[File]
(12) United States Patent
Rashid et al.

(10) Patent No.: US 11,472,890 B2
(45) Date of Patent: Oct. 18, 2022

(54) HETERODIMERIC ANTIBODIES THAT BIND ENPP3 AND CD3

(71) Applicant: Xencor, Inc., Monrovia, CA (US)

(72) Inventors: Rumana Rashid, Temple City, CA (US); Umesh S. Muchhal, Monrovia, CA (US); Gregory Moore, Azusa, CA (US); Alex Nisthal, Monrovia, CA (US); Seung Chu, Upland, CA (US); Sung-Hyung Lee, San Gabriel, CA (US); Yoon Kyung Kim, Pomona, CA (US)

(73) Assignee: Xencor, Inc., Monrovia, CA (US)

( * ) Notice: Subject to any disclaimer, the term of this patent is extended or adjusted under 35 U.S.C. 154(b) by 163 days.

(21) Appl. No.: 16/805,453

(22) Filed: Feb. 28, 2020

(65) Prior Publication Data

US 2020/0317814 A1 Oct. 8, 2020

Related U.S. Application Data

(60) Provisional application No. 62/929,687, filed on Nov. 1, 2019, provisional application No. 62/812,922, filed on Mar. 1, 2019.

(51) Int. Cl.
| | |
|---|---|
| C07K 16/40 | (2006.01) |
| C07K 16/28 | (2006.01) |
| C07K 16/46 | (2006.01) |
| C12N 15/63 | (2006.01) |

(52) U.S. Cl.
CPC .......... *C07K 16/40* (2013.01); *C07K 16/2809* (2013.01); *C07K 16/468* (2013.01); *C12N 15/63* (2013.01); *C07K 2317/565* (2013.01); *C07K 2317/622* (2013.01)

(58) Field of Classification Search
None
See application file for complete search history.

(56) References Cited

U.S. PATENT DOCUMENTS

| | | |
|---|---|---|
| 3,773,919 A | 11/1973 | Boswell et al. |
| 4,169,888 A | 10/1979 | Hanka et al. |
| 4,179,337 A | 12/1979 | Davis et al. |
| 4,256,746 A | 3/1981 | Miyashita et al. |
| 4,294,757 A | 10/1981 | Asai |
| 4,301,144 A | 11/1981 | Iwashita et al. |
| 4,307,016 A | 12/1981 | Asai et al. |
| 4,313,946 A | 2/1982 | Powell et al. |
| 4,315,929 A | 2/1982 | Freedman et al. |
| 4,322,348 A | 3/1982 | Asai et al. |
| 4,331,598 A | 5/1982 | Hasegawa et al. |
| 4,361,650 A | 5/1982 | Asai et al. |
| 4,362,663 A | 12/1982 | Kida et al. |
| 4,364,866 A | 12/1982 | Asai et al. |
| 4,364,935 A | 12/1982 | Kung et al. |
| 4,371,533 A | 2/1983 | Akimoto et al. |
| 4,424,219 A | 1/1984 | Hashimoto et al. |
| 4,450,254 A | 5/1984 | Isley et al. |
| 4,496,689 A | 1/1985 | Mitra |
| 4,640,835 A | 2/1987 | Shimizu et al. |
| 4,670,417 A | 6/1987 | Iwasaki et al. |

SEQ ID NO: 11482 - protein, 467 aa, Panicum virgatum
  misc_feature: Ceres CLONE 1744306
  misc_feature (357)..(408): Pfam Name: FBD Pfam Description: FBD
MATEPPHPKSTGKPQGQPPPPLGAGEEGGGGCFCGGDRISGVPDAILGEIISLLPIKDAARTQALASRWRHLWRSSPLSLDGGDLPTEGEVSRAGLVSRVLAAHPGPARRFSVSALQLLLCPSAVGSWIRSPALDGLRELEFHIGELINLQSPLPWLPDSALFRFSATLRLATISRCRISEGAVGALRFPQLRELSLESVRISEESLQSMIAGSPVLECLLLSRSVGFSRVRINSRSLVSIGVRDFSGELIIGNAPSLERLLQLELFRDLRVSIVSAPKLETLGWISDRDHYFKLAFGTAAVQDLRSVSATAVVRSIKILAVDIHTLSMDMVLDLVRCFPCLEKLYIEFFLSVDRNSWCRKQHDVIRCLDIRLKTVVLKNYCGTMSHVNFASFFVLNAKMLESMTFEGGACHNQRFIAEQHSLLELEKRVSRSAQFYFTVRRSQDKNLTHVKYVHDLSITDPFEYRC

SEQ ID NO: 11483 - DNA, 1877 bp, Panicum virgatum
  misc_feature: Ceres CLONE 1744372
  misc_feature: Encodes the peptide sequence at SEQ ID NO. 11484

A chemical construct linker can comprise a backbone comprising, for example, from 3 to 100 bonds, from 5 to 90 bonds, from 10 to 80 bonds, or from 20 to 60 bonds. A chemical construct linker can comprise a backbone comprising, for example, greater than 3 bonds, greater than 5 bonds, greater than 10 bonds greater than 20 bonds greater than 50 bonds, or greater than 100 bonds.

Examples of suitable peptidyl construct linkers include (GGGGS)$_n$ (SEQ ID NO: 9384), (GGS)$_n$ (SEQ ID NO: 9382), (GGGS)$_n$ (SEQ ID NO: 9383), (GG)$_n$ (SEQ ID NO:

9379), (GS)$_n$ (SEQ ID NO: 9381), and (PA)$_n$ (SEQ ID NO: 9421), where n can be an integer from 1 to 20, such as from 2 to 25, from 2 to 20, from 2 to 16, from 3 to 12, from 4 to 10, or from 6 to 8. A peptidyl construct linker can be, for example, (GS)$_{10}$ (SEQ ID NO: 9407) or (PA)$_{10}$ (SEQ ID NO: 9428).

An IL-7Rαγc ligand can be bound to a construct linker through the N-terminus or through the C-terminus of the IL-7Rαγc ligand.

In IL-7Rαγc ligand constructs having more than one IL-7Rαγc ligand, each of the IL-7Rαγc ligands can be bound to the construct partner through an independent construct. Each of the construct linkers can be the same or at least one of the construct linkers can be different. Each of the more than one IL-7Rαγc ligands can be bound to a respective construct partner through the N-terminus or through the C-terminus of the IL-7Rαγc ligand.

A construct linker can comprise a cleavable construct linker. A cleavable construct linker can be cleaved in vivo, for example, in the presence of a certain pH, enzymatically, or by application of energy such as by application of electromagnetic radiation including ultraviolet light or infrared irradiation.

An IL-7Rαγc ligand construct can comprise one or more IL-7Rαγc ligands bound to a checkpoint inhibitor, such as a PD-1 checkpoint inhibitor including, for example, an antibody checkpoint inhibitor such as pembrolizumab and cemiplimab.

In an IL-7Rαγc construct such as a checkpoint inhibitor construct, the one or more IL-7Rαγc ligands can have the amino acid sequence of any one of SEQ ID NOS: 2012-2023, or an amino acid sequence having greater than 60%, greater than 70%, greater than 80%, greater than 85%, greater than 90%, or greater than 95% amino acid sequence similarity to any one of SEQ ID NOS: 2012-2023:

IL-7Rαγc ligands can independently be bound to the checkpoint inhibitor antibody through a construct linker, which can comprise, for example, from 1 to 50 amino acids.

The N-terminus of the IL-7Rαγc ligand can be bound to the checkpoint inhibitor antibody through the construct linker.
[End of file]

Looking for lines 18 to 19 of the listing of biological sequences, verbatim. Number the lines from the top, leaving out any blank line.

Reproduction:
|---|---|
| C07K 16/40 | (2006.01) |